An Amish Nanny
Caring for her late cousin's young kinder is Jessie Miller's duty--even if it means seeing their father again. Years ago, she thought Caleb King might be her husband--until he met her cousin and Jessie's dream was cut short.
Laid up with a broken leg and a demanding dairy farm, Caleb needs her. But Caleb wants no woman around...and no reminder of the wife who abandoned her family before her death. Especially since he fears Jessie will throw a wrench in his plan to remain a single dad.
She's gentle and kind, and if Caleb isn't careful, she may be just what his little Amish family needs.
A thought provoking story about forgiveness and its effects on a person, and those around them.
I have been fascinated by the Amish Love Inspired stories, the culture, the beliefs, the language, I find it intriguing. Second Chance Amish Bride gives a glimpse of the way of living and forgiving. The Amish believe that you are forgiven with the same measure you forgive to others. Something to ponder.
Caleb King is headstrong and prideful. To admit that he needs help is not easy to him, to talk about his late wife and the mistakes she made, and how she broke his heart are too painful still years after. His children are hiding their sorrow and doubts to protect their loving father, there's a lot of healing still needed to happen and wounds that need to be cleaned to be able to mend them.
Jessie Miller has the biggest heart and giving, kind soul. She feels responsible for the action and choices her younger cousin, Caleb's wife, made while alive. Caleb once broke her heart, is there now a chance for a new beginning, forgiveness, and grace for all?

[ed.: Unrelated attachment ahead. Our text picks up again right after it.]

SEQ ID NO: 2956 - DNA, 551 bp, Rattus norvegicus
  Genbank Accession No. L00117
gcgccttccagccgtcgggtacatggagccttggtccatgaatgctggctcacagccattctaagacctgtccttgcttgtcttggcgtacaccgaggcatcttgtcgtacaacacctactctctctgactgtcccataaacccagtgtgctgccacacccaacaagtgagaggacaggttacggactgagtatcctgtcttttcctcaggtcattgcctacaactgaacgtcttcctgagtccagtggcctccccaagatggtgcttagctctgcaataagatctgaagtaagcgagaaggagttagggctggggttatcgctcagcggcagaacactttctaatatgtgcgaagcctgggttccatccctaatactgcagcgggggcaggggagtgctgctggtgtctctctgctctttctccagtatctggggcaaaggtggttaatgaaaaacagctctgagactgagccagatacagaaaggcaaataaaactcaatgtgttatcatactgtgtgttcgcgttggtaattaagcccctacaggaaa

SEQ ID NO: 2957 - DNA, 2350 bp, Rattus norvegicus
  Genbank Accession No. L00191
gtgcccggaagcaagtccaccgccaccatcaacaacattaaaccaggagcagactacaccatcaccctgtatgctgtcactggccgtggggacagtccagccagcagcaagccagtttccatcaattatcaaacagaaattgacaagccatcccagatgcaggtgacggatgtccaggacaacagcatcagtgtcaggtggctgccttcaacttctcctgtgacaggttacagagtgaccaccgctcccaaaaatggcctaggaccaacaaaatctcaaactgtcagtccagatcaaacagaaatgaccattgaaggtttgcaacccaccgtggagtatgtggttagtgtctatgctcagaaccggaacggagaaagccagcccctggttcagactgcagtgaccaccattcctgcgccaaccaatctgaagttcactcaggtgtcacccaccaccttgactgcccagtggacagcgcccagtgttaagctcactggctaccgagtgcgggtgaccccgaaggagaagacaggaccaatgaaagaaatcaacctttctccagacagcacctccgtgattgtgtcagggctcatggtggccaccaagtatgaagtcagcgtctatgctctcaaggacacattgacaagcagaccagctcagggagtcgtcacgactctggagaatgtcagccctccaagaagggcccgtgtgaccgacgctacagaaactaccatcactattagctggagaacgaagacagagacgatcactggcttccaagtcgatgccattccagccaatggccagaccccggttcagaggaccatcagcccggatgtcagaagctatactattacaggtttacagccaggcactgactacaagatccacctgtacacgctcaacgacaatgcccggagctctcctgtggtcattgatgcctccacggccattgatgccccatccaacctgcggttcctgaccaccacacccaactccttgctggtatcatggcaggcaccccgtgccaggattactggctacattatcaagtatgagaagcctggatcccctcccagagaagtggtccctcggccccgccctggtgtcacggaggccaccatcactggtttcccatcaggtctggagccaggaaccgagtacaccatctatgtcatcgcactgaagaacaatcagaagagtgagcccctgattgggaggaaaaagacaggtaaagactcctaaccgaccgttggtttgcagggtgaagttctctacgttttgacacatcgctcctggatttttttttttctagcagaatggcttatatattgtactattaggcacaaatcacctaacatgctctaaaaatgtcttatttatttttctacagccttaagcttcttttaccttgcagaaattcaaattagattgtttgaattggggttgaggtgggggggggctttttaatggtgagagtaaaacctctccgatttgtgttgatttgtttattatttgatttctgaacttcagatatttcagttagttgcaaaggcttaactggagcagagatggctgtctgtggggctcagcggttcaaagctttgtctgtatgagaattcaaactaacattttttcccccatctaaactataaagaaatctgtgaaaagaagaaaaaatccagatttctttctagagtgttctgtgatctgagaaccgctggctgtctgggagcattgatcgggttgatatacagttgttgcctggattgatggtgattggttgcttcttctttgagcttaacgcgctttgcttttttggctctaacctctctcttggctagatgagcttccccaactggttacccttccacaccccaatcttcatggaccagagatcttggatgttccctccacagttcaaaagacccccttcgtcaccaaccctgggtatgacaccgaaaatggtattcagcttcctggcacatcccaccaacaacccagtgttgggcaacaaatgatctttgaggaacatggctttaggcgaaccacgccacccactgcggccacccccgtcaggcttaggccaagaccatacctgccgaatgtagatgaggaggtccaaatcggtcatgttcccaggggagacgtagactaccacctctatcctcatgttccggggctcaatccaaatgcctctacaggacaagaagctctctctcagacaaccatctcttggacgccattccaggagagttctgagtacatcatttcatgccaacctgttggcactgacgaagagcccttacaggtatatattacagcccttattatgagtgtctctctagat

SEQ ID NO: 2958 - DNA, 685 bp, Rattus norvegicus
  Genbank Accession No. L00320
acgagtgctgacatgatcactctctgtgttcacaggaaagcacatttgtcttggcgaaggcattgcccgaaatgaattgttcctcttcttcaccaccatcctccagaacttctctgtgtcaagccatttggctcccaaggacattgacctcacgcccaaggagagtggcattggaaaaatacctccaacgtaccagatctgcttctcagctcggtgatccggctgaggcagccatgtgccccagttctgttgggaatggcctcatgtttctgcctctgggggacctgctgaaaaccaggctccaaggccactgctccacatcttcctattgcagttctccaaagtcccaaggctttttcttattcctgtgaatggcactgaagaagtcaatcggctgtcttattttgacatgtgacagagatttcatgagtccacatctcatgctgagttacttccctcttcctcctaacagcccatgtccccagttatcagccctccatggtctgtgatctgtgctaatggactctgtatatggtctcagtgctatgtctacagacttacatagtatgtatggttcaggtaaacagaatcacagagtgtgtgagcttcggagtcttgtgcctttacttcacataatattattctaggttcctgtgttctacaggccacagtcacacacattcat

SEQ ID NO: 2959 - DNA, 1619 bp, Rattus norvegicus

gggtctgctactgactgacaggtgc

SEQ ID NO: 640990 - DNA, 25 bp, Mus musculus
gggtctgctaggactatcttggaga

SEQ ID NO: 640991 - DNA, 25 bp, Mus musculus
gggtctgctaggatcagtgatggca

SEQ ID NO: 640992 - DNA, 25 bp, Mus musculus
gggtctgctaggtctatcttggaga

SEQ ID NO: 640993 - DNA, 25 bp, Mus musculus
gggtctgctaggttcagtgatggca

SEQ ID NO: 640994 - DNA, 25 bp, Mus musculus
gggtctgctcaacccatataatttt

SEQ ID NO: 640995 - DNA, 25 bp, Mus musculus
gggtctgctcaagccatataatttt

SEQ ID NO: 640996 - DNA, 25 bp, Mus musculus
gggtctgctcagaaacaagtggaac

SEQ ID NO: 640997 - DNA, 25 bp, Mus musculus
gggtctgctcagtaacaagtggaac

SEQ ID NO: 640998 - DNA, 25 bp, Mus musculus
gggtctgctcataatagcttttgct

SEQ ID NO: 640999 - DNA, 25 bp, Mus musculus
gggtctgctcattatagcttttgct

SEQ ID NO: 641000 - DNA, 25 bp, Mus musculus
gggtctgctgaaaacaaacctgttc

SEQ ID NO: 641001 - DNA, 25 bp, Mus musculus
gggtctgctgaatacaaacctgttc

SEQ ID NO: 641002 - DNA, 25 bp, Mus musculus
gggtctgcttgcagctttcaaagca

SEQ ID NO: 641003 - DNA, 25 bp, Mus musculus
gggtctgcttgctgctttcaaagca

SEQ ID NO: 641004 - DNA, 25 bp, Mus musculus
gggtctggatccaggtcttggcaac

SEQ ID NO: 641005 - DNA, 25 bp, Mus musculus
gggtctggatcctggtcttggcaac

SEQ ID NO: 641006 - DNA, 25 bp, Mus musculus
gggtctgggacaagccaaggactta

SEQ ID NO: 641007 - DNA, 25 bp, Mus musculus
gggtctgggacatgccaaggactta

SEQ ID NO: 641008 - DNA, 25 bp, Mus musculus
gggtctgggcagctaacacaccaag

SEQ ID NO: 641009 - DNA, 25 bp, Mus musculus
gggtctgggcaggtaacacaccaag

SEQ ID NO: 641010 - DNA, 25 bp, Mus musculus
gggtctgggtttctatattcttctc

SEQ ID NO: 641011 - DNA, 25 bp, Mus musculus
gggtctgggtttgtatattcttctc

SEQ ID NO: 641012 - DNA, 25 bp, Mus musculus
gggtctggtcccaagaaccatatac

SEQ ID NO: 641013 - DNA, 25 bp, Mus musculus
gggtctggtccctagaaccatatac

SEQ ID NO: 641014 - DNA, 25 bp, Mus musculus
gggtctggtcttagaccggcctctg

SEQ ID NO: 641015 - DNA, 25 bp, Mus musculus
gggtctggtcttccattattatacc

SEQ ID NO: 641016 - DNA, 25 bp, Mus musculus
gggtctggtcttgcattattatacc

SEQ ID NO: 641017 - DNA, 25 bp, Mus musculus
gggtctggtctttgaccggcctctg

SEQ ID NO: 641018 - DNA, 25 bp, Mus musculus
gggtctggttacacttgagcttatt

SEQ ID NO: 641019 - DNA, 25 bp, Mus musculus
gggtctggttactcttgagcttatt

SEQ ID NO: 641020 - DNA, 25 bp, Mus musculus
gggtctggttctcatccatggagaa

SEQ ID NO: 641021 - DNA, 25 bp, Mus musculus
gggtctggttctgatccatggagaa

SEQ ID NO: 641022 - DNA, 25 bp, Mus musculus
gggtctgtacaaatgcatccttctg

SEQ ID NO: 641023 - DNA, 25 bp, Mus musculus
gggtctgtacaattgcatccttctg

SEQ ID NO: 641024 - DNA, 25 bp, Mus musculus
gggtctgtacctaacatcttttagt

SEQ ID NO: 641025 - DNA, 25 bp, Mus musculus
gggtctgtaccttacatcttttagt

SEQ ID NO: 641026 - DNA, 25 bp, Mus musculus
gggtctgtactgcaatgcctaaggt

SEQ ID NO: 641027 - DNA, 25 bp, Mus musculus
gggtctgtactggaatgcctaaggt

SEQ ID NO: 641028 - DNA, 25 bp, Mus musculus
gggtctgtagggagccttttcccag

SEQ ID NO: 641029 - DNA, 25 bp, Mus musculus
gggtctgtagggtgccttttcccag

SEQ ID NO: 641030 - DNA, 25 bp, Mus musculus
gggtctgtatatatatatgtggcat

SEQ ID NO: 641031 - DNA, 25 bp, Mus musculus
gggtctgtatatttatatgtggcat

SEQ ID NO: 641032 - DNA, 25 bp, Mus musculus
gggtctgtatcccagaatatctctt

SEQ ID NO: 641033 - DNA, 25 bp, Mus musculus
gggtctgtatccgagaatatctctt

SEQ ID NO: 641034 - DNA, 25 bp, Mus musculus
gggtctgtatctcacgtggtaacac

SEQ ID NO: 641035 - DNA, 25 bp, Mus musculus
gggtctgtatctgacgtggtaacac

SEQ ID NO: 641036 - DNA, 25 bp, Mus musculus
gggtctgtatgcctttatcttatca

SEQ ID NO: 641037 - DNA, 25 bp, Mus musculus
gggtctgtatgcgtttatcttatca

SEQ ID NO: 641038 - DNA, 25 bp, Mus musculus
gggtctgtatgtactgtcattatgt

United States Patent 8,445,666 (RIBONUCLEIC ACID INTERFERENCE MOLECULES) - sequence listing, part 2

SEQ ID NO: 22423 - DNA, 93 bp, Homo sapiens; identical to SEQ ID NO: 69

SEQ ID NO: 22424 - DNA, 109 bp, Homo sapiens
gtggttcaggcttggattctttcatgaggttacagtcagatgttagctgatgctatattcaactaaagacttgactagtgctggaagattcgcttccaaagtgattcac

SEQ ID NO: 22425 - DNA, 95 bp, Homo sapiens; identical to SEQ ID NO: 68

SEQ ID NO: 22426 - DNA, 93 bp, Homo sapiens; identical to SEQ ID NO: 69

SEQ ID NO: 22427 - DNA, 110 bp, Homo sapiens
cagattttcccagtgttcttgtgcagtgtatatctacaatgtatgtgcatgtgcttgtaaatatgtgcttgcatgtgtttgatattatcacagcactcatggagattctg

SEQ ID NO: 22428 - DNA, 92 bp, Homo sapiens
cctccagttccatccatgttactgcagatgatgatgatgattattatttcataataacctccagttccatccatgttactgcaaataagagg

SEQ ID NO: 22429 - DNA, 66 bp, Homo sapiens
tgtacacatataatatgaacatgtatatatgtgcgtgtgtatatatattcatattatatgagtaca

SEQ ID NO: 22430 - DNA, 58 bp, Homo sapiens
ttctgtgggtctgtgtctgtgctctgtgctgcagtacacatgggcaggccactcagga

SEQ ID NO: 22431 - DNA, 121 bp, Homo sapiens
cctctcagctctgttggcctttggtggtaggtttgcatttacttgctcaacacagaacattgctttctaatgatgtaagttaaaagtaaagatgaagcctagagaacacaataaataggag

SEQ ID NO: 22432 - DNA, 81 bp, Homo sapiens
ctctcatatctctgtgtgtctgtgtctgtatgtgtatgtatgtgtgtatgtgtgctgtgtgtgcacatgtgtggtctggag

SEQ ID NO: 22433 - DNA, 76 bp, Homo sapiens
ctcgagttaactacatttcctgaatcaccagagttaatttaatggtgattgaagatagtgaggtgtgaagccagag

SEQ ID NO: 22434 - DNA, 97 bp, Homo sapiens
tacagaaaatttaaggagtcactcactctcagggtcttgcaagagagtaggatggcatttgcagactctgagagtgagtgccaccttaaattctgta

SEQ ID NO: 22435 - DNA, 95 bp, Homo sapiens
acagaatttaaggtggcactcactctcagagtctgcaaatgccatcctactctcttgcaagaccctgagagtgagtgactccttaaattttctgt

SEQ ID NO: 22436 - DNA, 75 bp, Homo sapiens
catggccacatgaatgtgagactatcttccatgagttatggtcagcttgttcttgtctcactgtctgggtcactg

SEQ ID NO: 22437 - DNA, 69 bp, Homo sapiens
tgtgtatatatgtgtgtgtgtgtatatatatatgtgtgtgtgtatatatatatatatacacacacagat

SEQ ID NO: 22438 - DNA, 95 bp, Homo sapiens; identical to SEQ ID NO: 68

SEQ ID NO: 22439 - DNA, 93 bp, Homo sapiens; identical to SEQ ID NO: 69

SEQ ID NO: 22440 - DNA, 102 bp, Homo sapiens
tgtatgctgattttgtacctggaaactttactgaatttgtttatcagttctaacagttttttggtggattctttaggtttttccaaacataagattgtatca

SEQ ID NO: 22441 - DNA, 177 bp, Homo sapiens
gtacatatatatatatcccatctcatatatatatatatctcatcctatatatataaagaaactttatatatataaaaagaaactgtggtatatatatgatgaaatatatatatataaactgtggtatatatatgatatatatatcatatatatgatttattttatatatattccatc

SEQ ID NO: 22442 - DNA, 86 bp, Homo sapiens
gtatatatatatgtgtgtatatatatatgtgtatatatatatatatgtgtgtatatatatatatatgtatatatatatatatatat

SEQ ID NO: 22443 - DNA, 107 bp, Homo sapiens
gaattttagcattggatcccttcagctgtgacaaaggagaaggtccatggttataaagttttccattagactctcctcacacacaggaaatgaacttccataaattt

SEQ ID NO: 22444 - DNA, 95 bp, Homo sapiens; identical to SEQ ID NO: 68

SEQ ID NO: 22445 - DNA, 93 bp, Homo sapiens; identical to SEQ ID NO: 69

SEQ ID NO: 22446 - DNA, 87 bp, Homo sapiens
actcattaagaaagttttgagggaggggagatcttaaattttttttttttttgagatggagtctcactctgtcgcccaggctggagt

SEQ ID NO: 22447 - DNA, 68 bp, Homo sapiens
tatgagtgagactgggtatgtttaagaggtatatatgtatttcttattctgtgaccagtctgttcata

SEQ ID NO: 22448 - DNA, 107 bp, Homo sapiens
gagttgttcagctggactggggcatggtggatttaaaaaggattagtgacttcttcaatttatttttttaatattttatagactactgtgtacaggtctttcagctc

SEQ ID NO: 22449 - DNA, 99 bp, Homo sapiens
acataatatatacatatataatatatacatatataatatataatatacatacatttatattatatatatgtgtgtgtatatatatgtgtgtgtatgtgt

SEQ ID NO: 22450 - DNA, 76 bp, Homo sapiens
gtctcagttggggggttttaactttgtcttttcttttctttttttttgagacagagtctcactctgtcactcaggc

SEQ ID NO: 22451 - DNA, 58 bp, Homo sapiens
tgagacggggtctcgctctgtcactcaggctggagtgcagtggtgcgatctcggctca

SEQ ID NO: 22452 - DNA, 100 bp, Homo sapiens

The story is well written with a fluent flow and events changing with a tempo that it holds the interest. All the characters, from the children to the adults, secondary and the primary, were well thought out and had their own temperament and characteristics. It was easy to like them and relate to them. The children were acting a little advanced for their age, I assumed they were years older than the revealed ages, but maybe they grow faster in that element.
I am not sure what I think about the writing in the partially Amish language or writing in any dialect for that matter. If the characters were not speaking English with each other at all, to partially use some terms in the story from the original language isn't then necessary, in my opinion. I think that would be the thing that I could get tired of with these Amish stories if anything.
Learning to forgive, learning to move on, to trust your heart, and daring to open it again to love and embrace the good memories, are some of the lessons Caleb and Jessie have to learn to be able to build a future together.
~ Four Spoons